The Taskforce noted that many providers still have legacy operating systems, legacy medical devices, and the like.  However, these legacy systems and devices still need to be secured.  As a result, a number of recommendations were given for health delivery organizations, manufacturers, and government.  Among the recommendations was Recommendation 2.6: Establish a Medical Computer Emergency Response Team (MedCERT) to coordinate medical device-specific responses to cybersecurity incidents and vulnerability disclosures.

Taskforce Imperative No. 3 Develop the healthcare workforce capacity necessary to prioritize and ensure cybersecurity awareness and technical capabilities

The Taskforce identified the need for healthcare organizations to have a healthcare cybersecurity role that drives more robust cybersecurity policies, processes, and functions with clear engagement from executives (Recommendation 3.1).  Ideally, the Taskforce noted that a chief information security officer (“CISO”) or other officially designated individual should serve as the most senior information and cybersecurity professional.  However, the Taskforce also acknowledged that small organizations may need to retain a shared or third-party CISO (as they may lack the resources to have a CISO within their own organizations).

The Taskforce also called for the establishment of a model for adequately resourcing the cybersecurity workforce with qualified individuals (Recommendation 3.2).  Specifically, the Taskforce suggested that there is an immediate need for developing a method to certify higher education programs in cybersecurity, particularly ones that focus on healthcare and patient safety.  Recommendation 3.2 also aligns with the HIMSS Cybersecurity Call to Action (“Address Shortage of Qualified Cybersecurity Personnel”).

Taskforce Imperative No. 4: Increase healthcare industry readiness through improved cybersecurity awareness and education

As stated by the Taskforce in its report:

  • Cybersecurity can be an enabler for the healthcare industry, supporting both its business and clinical objectives, as well as facilitating the delivery of efficient, high-quality patient care.
  • However, this requires a holistic cybersecurity strategy.
  • Organizations that do not adopt a holistic strategy not only put their data, organizations, and reputation at risk, but also—most importantly—the welfare and safety of their patients.

These observations are also echoed in the conclusion of the HIMSS Cybersecurity Call to Action (which recommends that healthcare organizations implement a holistic cybersecurity strategy and that cybersecurity is an enabler for efficient, high quality patient care).

In Recommendation 4.1, the Taskforce also recommends that healthcare organizations participate in National Cybersecurity Awareness Month events and become partners of the National Cybersecurity Awareness Month campaign.  The Taskforce also calls on the healthcare industry to develop cybersecurity literacy programs as well.

On a related note, HIMSS has been a champion of National Cybersecurity Awareness Month for the past four years.  HIMSS has also developed healthcare cybersecurity awareness materials for healthcare organizations during this time.  Its most recent awareness initiative was for World Password Day (May 5th), in which one of the recommendations was to implement multi-factor authentication (in alignment with Taskforce imperative no. 2 and Recommendation no. 2.4.2).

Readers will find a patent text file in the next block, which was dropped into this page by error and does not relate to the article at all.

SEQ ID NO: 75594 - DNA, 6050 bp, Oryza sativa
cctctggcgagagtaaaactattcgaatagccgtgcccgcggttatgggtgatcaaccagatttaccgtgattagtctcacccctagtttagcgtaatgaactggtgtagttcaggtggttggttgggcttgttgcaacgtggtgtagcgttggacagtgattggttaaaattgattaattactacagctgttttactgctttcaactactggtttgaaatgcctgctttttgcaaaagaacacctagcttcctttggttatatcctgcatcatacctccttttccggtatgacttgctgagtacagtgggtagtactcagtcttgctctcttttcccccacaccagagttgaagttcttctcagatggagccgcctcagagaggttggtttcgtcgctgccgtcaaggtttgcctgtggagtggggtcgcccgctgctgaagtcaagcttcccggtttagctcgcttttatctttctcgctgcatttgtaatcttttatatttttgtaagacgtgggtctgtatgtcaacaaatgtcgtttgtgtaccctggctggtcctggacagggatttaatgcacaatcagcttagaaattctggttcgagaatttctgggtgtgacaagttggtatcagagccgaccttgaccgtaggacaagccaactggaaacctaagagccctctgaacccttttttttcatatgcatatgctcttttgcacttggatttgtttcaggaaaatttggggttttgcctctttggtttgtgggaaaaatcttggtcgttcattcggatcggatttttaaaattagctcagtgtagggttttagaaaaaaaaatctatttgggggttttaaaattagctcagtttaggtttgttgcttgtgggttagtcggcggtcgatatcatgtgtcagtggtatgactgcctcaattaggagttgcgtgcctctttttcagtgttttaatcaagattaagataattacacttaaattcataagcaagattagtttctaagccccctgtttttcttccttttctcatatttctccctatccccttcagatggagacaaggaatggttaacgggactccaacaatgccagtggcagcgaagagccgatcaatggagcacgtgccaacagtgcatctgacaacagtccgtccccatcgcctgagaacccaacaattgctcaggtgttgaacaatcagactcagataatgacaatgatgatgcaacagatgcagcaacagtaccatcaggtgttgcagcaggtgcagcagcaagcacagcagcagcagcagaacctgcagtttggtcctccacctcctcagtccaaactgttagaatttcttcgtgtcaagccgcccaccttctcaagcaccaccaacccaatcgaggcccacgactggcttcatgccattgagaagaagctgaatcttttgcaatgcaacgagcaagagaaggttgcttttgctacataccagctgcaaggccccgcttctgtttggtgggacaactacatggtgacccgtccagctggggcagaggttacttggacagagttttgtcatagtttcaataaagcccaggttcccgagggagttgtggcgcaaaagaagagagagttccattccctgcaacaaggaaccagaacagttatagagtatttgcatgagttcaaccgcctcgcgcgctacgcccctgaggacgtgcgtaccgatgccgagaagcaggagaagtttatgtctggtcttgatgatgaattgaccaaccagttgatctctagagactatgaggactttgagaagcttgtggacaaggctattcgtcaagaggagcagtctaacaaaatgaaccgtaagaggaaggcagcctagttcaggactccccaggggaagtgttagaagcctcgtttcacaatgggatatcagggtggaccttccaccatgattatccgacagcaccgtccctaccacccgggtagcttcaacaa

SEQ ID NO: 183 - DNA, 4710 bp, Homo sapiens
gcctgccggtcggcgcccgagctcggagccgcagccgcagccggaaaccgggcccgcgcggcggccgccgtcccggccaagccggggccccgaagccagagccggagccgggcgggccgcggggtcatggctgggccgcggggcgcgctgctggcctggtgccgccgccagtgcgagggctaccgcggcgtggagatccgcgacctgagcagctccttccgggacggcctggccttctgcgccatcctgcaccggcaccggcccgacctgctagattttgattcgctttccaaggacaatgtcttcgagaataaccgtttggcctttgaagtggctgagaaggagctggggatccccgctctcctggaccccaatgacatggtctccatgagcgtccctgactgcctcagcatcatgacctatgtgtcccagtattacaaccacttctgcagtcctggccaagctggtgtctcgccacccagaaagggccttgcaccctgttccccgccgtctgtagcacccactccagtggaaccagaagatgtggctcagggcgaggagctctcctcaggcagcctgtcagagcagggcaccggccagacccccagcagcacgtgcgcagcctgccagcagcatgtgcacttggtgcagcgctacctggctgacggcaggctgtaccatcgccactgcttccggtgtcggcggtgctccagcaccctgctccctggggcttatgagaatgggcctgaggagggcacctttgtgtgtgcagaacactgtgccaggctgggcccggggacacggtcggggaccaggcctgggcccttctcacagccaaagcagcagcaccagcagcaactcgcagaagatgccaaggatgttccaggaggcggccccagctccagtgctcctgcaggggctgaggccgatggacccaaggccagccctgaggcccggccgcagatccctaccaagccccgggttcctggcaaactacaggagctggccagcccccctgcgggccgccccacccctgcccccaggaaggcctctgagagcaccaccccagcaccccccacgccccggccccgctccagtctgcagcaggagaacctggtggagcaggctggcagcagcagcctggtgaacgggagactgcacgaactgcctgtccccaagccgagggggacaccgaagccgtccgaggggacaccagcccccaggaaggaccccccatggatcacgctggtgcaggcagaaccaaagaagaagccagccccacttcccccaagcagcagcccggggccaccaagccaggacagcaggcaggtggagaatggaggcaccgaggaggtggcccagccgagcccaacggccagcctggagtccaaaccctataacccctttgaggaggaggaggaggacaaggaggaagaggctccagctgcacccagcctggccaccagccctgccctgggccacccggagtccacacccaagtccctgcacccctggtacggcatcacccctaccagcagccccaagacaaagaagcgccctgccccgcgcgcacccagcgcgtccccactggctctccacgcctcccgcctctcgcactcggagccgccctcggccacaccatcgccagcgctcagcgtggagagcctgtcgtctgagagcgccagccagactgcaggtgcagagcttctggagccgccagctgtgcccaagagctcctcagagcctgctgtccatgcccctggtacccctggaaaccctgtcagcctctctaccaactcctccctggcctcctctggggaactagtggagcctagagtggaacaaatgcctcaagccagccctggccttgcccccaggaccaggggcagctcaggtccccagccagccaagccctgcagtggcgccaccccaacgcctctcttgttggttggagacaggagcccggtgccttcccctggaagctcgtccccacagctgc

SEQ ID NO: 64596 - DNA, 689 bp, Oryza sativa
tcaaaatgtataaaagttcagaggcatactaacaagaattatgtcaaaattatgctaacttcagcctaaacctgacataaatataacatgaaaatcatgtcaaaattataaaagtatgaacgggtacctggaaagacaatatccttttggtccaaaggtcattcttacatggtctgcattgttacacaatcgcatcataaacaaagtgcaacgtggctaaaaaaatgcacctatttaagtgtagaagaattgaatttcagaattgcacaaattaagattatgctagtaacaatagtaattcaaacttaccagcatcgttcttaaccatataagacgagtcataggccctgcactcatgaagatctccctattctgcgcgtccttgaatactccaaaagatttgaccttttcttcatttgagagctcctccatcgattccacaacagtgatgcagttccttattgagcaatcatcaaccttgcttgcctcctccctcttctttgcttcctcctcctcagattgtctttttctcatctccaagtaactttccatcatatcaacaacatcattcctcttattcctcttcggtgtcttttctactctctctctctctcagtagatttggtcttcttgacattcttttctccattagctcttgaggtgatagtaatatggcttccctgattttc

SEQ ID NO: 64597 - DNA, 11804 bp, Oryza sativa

Taskforce Imperative No. 6: Improve information sharing of industry threats, risks, and mitigations

The healthcare industry is no longer in an era where it can be “willfully blind” to the cyber threat.  Everyone (including rural, small, medium, and large healthcare organizations) should have the opportunity to participate in information sharing of cyber threat, risk, and mitigation information.  As previously mentioned, the healthcare industry is only as strong as its weakest link.  So, it pays for all of us to get on board in regard to information sharing.  Information sharing helps to foster situational awareness, appreciation of the threats and risks, and gives us quintessential know-how (i.e., what to do in the face of a security incident).

However, while information sharing is important for all of us, the information still must be tailored for the audience.  As the Taskforce notes, information sharing should be tailored for consumption by small and medium provider organizations (recommendation 6.1).  Such organizations may not have staff on hand that can sift through enormous amounts of information and multiple feeds of information.
Instead, such information must be consumable, bite-sized, and understandable to such organizations.  [While not cited in the Taskforce’s report, one such example is the HIMSS Healthcare and Cross-Sector Cybersecurity Reports.]

The Taskforce also recommends that annual readiness exercises by the healthcare industry should be encouraged (Recommendation 6.3).  The Taskforce notes that these exercises can be conducted regularly to test response plans and create and utilize a variety of relative incident scenarios.  In these scenario-based attacks, the exercises should also include scenarios for regional, national, and global attacks.


Looking to the future, the Taskforce encouraged others in the healthcare industry to work on possible solutions.  Among its recommendations for future work, the Taskforce recommended that a public-private forum should be established to further discussions of healthcare industry cybersecurity as the industry evolves.

[1] Section 405 of the Cybersecurity Act of 2015 was developed, in part, from the 2015 Congressional Ask #2: Support Healthcare’s Efforts to Combat Cyber Threats.  Please see also HIMSS Posts 3 Congressional Asks, Healthcare IT News, Sept. 9, 2015.